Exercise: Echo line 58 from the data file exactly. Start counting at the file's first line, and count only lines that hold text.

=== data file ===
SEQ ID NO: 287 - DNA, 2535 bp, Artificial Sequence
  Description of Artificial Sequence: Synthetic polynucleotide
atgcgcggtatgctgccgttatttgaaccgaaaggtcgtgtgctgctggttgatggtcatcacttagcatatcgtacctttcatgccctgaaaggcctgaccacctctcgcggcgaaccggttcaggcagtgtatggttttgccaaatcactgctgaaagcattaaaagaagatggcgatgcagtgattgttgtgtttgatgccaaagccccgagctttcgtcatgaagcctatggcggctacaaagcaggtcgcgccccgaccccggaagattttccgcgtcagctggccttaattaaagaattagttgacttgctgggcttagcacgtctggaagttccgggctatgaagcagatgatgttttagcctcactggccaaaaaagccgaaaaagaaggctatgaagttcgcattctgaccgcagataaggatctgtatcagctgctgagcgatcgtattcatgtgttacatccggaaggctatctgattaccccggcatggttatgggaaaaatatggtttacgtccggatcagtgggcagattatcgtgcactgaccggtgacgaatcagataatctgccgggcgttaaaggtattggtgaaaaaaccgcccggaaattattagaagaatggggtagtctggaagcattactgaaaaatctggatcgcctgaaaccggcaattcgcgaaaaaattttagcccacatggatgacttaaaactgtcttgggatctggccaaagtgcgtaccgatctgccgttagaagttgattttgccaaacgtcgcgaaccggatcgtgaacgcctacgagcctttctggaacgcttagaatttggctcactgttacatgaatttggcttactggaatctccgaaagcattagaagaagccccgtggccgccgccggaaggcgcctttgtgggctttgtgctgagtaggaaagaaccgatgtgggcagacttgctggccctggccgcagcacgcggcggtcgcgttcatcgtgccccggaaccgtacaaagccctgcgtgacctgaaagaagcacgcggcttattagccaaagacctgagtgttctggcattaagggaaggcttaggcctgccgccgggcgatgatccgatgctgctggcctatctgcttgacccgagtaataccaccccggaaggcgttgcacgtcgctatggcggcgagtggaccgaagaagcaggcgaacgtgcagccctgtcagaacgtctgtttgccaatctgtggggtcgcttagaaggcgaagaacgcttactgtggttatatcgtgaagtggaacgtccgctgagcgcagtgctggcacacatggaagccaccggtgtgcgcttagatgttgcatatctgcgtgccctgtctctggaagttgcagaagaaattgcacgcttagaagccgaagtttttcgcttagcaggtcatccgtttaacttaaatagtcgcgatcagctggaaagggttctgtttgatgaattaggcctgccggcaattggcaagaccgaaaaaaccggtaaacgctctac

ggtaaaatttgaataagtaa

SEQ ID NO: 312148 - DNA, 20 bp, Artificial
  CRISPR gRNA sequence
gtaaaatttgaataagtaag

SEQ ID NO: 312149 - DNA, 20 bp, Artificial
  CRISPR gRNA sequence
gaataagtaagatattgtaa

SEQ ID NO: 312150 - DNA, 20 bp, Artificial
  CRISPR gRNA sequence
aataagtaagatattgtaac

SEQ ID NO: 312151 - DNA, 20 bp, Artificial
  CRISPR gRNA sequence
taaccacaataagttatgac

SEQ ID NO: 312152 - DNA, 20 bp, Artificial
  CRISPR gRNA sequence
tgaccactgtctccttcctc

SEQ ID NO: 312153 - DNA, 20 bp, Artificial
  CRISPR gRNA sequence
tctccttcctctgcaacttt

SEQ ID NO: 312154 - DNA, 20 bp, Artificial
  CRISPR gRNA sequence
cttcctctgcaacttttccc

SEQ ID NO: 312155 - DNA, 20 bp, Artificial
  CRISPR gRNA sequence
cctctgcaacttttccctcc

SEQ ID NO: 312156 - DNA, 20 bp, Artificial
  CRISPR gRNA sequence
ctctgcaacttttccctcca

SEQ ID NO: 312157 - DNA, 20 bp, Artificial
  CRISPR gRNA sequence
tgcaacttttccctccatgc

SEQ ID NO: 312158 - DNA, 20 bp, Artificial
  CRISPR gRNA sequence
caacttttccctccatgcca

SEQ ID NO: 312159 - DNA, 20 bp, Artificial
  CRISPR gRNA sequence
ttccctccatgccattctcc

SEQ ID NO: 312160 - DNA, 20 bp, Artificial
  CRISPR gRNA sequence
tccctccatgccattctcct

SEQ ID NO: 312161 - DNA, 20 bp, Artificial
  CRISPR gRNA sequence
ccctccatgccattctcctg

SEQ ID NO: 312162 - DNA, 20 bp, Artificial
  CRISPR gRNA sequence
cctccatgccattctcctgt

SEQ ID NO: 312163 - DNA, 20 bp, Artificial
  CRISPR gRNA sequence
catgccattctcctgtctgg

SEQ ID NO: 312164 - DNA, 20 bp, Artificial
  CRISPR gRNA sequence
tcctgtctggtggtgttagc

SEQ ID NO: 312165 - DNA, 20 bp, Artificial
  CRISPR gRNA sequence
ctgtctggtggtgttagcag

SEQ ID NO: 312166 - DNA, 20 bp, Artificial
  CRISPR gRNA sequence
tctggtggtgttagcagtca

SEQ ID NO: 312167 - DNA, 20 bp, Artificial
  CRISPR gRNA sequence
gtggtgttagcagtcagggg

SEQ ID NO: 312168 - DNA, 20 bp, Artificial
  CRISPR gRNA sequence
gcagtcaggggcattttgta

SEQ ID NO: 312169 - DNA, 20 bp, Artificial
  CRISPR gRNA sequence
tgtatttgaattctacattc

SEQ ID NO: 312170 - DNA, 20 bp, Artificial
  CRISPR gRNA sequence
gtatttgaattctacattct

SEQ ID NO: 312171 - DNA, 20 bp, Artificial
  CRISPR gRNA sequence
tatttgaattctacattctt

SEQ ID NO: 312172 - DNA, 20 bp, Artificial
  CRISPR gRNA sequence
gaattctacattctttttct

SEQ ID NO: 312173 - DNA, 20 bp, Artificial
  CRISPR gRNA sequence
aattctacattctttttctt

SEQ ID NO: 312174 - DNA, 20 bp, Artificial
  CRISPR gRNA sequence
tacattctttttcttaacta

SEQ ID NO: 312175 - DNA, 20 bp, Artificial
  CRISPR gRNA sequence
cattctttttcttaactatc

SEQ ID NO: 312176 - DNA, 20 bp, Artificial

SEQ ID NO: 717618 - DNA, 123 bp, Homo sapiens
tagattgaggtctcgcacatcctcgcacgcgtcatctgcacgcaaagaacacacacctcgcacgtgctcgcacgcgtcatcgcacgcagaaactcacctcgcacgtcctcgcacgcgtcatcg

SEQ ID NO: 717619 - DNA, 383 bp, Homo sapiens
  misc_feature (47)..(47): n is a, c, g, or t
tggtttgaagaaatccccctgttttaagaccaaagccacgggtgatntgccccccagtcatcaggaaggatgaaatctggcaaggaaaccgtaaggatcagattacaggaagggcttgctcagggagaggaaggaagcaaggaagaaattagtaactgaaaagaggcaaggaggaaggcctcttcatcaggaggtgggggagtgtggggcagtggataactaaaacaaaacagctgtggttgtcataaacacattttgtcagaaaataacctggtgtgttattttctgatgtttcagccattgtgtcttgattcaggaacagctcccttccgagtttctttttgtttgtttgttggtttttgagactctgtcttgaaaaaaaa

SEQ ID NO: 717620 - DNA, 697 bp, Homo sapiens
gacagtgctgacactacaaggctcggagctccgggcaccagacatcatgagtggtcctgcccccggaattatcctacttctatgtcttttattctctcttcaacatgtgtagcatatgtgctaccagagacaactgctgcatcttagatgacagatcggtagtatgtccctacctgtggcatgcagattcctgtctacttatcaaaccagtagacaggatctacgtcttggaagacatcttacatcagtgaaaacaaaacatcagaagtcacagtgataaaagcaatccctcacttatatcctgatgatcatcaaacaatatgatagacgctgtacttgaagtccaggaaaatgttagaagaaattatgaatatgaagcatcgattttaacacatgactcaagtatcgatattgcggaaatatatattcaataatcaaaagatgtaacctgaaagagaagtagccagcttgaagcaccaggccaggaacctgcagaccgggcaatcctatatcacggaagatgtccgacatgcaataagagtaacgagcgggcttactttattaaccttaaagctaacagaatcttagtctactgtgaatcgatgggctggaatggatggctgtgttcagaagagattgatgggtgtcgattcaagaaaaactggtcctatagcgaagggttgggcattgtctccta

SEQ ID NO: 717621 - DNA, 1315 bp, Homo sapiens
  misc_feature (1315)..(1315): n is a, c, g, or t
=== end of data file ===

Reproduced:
ctgtctggtggtgttagcag